These folks are sincere in their faith and with most of what they have to say you will not disagree. It is the subtle errors that are dangerous.
CCC on “human nature”:
The Catechism says that man is “inclined toward evil” not that we are evil. There is a difference there.
It is a deprivation of original holiness and justice, but human nature has not been totally corrupted: it is wounded in the natural powers proper to it, subject to ignorance, suffering and the dominion of death, and inclined to sin - an inclination to evil that is called “concupiscence”.
sin and human nature inclined to evil, 404-05, 407, 419, 978, 1250, 1426, 1707
404 How did the sin of Adam become the sin of all his descendants? The whole human race is in Adam “as one body of one man”.293 By this “unity of the human race” all men are implicated in Adam’s sin, as all are implicated in Christ’s justice. Still, the transmission of original sin is a mystery that we cannot fully understand. But we do know by Revelation that Adam had received original holiness and justice not for himself alone, but for all human nature. By yielding to the tempter, Adam and Eve committed a personal sin, but this sin affected the human nature that they would then transmit in a fallen state.294 It is a sin which will be transmitted by propagation to all mankind, that is, by the transmission of a human nature deprived of original holiness and justice. And that is why original sin is called “sin” only in an analogical sense: it is a sin “contracted” and not “committed” - a state and not an act.
405 Although it is proper to each individual,295 original sin does not have the character of a personal fault in any of Adam’s descendants. It is a deprivation of original holiness and justice, but human nature has not been totally corrupted: it is wounded in the natural powers proper to it, subject to ignorance, suffering and the dominion of death, and inclined to sin - an inclination to evil that is called “concupiscence”. Baptism, by imparting the life of Christ’s grace, erases original sin and turns a man back towards God, but the consequences for nature, weakened and inclined to evil, persist in man and summon him to spiritual battle.
406 The Church’s teaching on the transmission of original sin was articulated more precisely in the fifth century, especially under the impulse of St. Augustine’s reflections against Pelagianism, and in the sixteenth century, in opposition to the Protestant Reformation. Pelagius held that man could, by the natural power of free will and without the necessary help of God’s grace, lead a morally good life; he thus reduced the influence of Adam’s fault to bad example. The first Protestant reformers, on the contrary, taught that original sin has radically perverted man and destroyed his freedom; they identified the sin inherited by each man with the tendency to evil (concupiscentia), which would be insurmountable. The Church pronounced on the meaning of the data of Revelation on original sin especially at the second Council of Orange (529)296 and at the Council of Trent (1546).297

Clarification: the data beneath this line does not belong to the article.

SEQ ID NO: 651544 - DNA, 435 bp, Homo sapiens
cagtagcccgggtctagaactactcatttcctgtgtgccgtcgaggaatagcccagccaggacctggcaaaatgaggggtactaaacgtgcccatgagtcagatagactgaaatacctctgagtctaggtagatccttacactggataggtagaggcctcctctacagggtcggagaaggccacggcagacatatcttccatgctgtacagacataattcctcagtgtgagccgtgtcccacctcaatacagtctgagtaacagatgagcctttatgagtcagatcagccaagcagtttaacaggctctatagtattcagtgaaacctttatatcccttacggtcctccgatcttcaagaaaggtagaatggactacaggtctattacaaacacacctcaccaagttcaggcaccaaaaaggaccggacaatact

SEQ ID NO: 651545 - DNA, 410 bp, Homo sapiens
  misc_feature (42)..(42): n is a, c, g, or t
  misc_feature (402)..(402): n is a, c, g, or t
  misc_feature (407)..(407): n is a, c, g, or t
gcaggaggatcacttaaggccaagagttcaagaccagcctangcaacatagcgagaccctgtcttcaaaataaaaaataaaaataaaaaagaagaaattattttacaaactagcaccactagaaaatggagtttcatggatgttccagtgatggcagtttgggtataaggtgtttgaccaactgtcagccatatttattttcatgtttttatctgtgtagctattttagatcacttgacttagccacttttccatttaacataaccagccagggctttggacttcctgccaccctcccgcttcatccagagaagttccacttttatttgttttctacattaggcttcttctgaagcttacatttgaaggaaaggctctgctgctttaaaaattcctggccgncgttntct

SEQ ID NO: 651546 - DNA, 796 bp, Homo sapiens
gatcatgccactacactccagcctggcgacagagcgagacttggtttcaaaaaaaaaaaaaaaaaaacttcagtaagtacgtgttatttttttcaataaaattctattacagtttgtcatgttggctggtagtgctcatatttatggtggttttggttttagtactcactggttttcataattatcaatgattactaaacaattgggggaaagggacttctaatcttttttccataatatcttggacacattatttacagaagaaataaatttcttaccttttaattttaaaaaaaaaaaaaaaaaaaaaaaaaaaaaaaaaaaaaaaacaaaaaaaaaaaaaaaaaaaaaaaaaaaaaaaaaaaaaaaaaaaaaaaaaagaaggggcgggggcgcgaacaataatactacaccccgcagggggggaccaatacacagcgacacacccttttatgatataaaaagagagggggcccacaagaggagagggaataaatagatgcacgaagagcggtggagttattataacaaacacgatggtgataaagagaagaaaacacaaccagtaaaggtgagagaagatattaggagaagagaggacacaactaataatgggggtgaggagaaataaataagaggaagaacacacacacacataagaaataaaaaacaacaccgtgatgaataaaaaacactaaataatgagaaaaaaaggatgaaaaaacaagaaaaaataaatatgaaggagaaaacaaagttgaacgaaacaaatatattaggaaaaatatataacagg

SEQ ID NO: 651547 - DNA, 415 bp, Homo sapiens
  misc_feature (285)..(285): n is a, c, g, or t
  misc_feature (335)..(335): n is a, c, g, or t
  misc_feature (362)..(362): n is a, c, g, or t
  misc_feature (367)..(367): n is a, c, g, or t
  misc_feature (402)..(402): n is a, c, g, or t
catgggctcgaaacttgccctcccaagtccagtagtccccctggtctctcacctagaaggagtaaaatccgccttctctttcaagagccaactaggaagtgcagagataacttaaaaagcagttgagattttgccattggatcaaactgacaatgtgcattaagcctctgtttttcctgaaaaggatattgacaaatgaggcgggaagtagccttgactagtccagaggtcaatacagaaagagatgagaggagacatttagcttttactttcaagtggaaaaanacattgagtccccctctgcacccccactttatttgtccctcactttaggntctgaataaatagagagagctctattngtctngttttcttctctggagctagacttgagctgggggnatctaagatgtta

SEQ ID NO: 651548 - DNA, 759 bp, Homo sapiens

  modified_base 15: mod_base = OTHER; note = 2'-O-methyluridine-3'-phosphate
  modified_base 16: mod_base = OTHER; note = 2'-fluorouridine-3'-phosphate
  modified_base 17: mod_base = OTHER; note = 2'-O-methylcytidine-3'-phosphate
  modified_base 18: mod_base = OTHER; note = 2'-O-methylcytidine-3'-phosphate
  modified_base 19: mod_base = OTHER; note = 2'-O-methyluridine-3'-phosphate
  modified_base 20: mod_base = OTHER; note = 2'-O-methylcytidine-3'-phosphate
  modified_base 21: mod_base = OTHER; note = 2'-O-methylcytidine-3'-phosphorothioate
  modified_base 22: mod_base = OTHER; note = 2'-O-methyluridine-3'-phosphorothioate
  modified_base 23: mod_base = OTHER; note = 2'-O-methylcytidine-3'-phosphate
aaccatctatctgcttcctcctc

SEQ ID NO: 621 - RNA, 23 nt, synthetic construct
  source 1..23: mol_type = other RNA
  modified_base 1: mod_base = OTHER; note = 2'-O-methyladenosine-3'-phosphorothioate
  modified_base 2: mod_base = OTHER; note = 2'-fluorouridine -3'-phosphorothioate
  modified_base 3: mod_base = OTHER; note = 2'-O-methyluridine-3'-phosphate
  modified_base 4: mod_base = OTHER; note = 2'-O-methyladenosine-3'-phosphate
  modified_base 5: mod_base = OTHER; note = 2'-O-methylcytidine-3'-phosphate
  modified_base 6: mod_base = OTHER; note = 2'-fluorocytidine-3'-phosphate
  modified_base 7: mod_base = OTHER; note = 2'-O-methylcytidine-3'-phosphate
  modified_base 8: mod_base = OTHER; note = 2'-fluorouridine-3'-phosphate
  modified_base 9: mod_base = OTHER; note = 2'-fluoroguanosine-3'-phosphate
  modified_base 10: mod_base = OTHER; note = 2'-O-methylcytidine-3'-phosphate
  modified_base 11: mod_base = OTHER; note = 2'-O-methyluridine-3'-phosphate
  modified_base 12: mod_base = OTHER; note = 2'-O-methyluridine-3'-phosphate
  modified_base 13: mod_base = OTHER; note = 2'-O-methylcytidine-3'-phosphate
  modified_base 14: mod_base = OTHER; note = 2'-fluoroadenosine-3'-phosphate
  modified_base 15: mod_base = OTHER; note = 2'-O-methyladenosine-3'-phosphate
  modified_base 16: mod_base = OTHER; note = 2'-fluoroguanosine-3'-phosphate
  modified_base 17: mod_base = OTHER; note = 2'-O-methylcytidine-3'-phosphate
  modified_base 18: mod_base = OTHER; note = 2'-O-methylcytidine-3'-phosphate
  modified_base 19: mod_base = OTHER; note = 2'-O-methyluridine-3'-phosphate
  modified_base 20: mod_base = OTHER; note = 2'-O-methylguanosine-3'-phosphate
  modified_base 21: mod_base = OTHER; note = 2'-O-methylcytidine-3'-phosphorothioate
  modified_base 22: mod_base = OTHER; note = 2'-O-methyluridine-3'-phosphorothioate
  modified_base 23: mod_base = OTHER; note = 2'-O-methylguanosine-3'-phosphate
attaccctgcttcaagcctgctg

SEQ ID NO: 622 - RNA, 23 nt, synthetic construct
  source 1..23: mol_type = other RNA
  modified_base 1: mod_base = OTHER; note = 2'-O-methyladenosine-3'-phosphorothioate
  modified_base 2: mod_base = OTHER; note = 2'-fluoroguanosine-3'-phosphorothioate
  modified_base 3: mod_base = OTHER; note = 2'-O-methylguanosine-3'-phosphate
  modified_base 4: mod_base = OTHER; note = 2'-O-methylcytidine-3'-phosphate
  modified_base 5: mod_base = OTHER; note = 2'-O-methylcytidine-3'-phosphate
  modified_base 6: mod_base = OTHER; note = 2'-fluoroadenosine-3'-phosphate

407 The doctrine of original sin, closely connected with that of redemption by Christ, provides lucid discernment of man’s situation and activity in the world. By our first parents’ sin, the devil has acquired a certain domination over man, even though man remains free. Original sin entails “captivity under the power of him who thenceforth had the power of death, that is, the devil”.298 Ignorance of the fact that man has a wounded nature inclined to evil gives rise to serious errors in the areas of education, politics, social action299 and morals.
408 The consequences of original sin and of all men’s personal sins put the world as a whole in the sinful condition aptly described in St. John’s expression, “the sin of the world”.300 This expression can also refer to the negative influence exerted on people by communal situations and social structures that are the fruit of men’s sins.301
409 This dramatic situation of "the whole world [which] is in the power of the evil one"302 makes man’s life a battle:
The whole of man’s history has been the story of dour combat with the powers of evil, stretching, so our Lord tells us, from the very dawn of history until the last day. Finding himself in the midst of the battlefield man has to struggle to do what is right, and it is at great cost to himself, and aided by God’s grace, that he succeeds in achieving his own inner integrity.303
I would point out to him that Jesus built a Church to teach all men the Truth of God and that you are looking for that Church. Ask him if knows where this Church is.
Sounds like you’ve met a Gnostic. This is not new at all the church has been struggling with the gnostic heresy since the time of Paul. God is perfect and men and the natural world are evil…it’s basically a rehashing of that debate.
We are actually studying the early gnostics in our bible study on Timothy. It’s a really interesting heresy. I recommend that you look up a couple of the early church fathers and their writings on the subject.